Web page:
Audio companies release a million new gadgets per week. For every piece of gear that one studio can’t live without, there’s another studio that’s never heard of it. But there are certain things no one should ever start a session without – some of them items you’re unlikely to think about until you need them. Here are seven critical pieces of the studio puzzle.
1. A beautiful pair of monitors
A DAW for your home studio can be a matter of taste. What interface works for you? How do you like your desktop to look while you’re mixing? Zeros are zeros and ones are ones, so there may not be distinguishable differences in recording quality from one application to another. The same cannot be said for monitor speakers, however. Buying monitors for your studio is not the time to cheap out. Read reviews. If you can, visit them in someone else’s setup and listen. These speakers are the interface between the digital world and your ears, so unless you want to wear headphones until your face gets skinny, get yourself a decent pair.
2. Unopened cables
How often do you hear a bad sound in the studio and discover that it’s just a bad cord? How about when you’re getting no sound from an expensive microphone? You start panicking and then realize it’s just the cable. Bad cables look fine, so they tend to get back into circulation with the good ones or thrown into a box of cables to resolder "when you get around to it." When there are more cables in the "fix-me" box than there are good working ones, you have a problem. Ninety percent of the time, it seems like those bad cables are the source of any studio issue. Have a couple unopened ones on hand (guitar cords and balanced mic cables) for these moments.
3. Compressed air
If bad cords cause most of our problems, dirty pots (tone and volume knobs) seem to cause the rest. Almost everything we use, from guitars and basses to amps to effects pedals, has lots of these knobs. It’s not as though we keep them in clean settings all the time, either. All of our gear spends time in basements, garages, the trunks of cars, or places where people are holding drinks and crashing into one another. Pots get dusty and dirty. Blast them out with some canned air, improve your signal, and get back to work.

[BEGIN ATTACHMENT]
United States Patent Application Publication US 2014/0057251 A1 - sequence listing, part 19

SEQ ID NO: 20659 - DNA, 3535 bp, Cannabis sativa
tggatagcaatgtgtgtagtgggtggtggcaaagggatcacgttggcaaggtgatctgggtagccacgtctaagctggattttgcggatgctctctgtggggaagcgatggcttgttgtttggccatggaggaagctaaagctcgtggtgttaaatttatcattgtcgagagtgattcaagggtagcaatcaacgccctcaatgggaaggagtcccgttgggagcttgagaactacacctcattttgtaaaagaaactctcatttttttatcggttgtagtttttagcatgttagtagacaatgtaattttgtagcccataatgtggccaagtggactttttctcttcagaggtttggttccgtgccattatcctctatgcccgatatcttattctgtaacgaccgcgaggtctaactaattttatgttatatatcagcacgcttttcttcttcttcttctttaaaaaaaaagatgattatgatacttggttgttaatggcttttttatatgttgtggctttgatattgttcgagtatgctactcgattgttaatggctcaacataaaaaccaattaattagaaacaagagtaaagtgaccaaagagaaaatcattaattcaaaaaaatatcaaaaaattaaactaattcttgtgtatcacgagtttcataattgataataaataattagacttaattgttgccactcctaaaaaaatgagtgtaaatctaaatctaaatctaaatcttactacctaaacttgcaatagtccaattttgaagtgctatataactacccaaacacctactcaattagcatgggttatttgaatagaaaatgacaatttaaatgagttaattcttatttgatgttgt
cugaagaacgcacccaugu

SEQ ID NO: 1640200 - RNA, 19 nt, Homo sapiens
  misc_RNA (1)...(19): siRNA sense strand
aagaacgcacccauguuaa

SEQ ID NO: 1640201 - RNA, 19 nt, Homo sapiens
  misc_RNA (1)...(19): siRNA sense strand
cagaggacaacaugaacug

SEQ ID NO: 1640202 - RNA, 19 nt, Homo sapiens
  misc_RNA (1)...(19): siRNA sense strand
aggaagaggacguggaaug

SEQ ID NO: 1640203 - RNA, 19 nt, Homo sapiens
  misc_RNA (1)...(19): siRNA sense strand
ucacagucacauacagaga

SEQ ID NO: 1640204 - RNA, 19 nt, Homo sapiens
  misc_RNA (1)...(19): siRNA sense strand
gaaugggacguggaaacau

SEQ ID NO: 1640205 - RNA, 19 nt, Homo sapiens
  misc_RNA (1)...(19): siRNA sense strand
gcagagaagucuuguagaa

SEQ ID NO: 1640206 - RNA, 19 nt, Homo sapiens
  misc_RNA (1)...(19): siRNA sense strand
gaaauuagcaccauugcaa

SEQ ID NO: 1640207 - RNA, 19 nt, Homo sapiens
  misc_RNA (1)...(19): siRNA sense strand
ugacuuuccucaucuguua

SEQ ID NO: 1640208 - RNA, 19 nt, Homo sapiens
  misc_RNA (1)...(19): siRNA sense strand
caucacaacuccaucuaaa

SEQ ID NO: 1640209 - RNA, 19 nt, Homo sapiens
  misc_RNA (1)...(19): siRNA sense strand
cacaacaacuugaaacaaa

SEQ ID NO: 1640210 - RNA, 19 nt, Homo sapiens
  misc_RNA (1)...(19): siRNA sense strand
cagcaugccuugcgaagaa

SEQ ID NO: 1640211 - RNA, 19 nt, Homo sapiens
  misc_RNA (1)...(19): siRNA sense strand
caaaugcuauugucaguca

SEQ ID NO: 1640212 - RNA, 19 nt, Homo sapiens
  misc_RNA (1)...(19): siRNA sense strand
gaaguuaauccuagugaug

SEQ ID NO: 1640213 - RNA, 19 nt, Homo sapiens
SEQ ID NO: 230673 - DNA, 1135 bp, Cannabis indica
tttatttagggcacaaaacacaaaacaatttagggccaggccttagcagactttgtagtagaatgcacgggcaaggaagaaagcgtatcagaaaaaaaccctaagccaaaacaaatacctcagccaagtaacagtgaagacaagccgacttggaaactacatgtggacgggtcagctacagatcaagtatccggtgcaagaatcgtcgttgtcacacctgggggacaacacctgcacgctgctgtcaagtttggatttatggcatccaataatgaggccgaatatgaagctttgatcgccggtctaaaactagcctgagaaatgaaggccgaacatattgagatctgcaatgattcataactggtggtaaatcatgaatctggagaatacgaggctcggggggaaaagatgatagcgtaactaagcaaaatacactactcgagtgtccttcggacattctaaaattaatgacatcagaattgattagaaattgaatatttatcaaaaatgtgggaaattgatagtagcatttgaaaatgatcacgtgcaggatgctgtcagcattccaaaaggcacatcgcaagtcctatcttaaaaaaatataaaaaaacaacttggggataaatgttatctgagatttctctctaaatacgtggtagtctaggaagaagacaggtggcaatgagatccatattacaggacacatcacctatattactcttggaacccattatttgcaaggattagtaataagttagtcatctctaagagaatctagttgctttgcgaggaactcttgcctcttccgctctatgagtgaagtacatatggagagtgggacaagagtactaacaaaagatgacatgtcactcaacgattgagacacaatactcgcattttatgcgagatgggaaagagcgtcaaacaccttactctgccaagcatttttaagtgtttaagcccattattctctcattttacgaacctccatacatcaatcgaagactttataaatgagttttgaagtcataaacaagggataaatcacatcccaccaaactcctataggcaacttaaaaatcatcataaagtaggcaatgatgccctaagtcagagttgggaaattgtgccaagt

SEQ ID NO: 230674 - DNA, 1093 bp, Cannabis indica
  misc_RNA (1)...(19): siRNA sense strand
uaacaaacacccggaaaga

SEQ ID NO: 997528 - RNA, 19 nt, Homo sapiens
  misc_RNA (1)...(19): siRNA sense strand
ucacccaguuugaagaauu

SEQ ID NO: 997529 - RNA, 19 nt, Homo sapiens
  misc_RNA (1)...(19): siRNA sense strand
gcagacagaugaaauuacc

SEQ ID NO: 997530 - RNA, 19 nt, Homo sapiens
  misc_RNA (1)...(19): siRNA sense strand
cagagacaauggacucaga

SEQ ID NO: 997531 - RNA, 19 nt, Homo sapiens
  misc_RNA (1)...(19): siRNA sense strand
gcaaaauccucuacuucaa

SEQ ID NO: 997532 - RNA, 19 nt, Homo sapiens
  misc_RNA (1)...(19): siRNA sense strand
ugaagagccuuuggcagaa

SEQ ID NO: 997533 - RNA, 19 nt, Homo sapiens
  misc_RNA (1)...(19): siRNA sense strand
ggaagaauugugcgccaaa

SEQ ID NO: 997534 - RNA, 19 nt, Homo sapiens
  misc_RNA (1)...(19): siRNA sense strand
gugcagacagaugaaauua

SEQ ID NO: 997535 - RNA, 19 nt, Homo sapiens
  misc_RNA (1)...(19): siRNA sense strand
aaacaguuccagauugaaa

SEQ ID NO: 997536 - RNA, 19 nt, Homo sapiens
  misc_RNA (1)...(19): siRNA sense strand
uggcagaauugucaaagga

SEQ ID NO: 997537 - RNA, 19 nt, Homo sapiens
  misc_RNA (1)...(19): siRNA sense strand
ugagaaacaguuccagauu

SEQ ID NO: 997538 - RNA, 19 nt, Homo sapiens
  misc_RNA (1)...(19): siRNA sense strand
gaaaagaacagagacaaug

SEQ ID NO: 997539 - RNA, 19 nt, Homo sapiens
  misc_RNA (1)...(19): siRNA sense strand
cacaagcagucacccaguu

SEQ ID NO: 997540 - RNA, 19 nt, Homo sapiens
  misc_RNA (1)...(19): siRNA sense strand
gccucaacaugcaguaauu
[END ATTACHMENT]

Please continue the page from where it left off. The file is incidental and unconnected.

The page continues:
4. A quiet chair
Pick noises, breathing, or a musician shouting out because they’re having so much fun playing music. These are "good artifacts," outside sounds that often end up on recordings because they add some realism and don’t distract. Bad artifacts could include your neighbor’s barking dog, a cell phone alert beep, or the dreaded creaky chair. A drum throne that crackles or a squeaking swivel chair in your control room are two things that should be banished from your studio. Quiet chairs only, or these noises are sure to end up on somebody’s otherwise perfect take.
5. Incidental percussion
Studio production often reveals "sneaky voids," moments at which a song suddenly feels like it’s missing something. Even if you’ve been playing the song live and it sounds amazing, you might find that it needs something more in the studio. Before you go hiring a session accordionist, try some incidental percussion: cowbell, wood blocks with sandpaper, even a soda can half-filled with dry rice. Extra percussion is cheap, easy to play, and the whole band can get into it. Sometimes this leads to a funky breakdown with the whole band jamming on percussion. Other times, it simply adds that one missing track to make a song whole. Either way, you should have a bin of percussion toys on hand.
6. Spare microphone clips
Do you know what breaks a lot in recording studios? The clips that hold microphones on mic stands. After all, they’re cheap and plastic, and people are always trying to force larger-diameter microphones into regular-sized clips. Some things don’t bend, they break. Trying to duct tape a microphone to a stand is not very professional and could very well affect your sound quality, so keep a spare clip or two around.
When all the gear is working perfectly, everything’s in tune and the musicians are all in the groove, what could possibly make them stop? Hunger. Recording is hungry and thirsty work, and musicians have a tendency to get up late and forget breakfast. The last thing you want is to have players and engineers drive off in three different directions to find their favorite burrito joints just when things are humming along. You’re losing critical time in the middle of your session. Once these folks leave, getting them all back in the room could take hours. As a project leader or the one running the studio, it pays to get food ordered ahead of time or bring it to the session at the beginning. What’s more, feeding people spreads love and can only improve the vibe of the session, helping you make a recording that sounds and feels great.
Jesse Sterling Harrison is an author, recording artist, and part-time farmer. He lives in Massachusetts with his wife, three daughters, and a herd of ducks.